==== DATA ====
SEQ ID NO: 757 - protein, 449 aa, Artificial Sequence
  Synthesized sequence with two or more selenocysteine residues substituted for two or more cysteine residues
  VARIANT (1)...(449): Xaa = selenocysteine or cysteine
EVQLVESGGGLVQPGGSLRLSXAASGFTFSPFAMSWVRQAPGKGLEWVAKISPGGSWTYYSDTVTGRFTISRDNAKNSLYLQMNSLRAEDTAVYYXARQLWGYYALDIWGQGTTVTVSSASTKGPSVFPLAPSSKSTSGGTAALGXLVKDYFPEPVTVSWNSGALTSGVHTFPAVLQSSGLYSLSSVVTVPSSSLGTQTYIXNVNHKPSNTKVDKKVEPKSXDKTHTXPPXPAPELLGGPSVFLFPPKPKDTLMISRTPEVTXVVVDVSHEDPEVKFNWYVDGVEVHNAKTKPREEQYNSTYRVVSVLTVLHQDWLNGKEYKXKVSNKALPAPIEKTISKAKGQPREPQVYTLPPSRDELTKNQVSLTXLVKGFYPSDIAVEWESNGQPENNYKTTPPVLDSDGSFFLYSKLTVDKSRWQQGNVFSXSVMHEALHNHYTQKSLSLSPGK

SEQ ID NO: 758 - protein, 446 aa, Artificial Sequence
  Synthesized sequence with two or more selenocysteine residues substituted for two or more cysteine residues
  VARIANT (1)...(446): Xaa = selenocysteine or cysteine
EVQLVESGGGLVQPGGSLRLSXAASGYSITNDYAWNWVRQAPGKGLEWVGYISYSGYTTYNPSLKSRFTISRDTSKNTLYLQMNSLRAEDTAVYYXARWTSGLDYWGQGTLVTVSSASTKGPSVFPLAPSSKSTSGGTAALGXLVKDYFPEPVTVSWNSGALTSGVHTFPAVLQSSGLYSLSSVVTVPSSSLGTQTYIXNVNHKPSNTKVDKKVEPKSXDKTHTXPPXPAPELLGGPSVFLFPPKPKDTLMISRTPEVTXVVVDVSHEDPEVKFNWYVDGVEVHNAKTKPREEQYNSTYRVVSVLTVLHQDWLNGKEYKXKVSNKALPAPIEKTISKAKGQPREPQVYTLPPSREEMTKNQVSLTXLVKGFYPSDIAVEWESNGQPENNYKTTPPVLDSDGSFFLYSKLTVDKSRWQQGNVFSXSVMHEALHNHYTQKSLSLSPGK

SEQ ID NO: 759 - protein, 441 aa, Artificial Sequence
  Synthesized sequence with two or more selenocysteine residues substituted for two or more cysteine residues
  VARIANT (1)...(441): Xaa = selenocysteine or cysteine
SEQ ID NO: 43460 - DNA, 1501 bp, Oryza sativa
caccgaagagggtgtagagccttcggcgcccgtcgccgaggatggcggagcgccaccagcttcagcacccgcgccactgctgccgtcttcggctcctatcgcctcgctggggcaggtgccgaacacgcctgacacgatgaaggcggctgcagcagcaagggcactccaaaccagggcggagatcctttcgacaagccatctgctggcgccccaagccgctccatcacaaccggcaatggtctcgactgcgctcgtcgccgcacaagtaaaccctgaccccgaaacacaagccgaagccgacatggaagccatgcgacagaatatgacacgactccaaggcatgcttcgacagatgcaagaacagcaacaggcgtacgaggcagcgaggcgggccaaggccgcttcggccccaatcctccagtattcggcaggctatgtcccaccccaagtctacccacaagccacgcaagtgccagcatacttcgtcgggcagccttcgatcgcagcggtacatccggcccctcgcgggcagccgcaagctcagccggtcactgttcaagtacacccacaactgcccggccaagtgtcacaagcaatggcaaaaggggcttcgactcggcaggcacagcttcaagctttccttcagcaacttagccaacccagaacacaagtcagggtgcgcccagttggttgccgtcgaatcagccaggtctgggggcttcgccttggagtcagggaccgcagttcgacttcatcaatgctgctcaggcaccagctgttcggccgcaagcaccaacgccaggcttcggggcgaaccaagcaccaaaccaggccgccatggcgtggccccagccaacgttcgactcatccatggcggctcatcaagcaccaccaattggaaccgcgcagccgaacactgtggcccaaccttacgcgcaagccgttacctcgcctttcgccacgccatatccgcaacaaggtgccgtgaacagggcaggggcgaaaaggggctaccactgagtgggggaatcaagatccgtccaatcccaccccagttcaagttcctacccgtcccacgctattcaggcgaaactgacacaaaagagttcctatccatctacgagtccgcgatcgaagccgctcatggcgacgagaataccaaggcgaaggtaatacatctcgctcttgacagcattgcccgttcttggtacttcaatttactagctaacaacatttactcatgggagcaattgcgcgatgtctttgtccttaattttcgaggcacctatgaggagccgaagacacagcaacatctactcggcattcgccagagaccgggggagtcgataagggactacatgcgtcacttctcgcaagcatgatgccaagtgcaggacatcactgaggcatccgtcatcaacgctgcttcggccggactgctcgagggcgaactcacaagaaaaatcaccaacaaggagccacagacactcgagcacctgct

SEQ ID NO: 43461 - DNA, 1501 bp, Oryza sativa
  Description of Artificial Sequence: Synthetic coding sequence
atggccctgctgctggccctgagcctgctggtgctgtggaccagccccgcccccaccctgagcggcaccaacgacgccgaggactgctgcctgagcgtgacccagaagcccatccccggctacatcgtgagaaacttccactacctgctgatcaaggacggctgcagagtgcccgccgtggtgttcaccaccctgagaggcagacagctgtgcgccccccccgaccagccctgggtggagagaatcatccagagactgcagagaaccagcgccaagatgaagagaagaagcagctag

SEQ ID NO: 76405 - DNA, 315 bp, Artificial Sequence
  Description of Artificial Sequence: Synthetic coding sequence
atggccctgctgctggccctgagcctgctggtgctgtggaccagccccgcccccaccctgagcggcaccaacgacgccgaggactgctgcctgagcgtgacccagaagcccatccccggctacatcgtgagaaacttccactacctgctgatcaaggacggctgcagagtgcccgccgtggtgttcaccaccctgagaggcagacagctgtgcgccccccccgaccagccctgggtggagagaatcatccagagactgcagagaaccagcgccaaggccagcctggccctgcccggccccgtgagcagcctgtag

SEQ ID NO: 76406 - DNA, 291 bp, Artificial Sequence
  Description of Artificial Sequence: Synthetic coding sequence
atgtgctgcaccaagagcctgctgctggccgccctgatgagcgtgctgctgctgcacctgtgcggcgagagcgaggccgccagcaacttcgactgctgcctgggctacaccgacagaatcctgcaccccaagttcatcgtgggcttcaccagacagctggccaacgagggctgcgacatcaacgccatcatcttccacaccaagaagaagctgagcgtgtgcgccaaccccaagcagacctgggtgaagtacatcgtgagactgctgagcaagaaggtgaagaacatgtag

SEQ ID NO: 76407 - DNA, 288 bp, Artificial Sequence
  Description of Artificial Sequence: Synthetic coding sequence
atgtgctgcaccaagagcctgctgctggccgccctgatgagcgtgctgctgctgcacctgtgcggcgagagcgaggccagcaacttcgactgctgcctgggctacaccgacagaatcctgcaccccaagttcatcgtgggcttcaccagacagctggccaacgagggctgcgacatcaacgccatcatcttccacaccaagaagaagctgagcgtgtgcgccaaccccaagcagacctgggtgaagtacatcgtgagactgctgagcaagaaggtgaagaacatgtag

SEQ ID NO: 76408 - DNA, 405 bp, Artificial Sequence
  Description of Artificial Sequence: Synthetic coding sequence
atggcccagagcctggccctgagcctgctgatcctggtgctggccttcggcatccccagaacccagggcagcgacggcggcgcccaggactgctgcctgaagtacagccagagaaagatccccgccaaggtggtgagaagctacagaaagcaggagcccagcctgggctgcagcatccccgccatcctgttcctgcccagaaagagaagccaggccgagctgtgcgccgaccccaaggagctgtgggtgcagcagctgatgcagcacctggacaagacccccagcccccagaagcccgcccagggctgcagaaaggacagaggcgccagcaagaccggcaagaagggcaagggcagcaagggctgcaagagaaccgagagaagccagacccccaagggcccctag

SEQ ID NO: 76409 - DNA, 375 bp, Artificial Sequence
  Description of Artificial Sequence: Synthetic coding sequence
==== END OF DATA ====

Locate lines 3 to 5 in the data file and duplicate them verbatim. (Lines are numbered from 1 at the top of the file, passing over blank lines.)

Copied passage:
  VARIANT (1)...(449): Xaa = selenocysteine or cysteine
EVQLVESGGGLVQPGGSLRLSXAASGFTFSPFAMSWVRQAPGKGLEWVAKISPGGSWTYYSDTVTGRFTISRDNAKNSLYLQMNSLRAEDTAVYYXARQLWGYYALDIWGQGTTVTVSSASTKGPSVFPLAPSSKSTSGGTAALGXLVKDYFPEPVTVSWNSGALTSGVHTFPAVLQSSGLYSLSSVVTVPSSSLGTQTYIXNVNHKPSNTKVDKKVEPKSXDKTHTXPPXPAPELLGGPSVFLFPPKPKDTLMISRTPEVTXVVVDVSHEDPEVKFNWYVDGVEVHNAKTKPREEQYNSTYRVVSVLTVLHQDWLNGKEYKXKVSNKALPAPIEKTISKAKGQPREPQVYTLPPSRDELTKNQVSLTXLVKGFYPSDIAVEWESNGQPENNYKTTPPVLDSDGSFFLYSKLTVDKSRWQQGNVFSXSVMHEALHNHYTQKSLSLSPGK

SEQ ID NO: 758 - protein, 446 aa, Artificial Sequence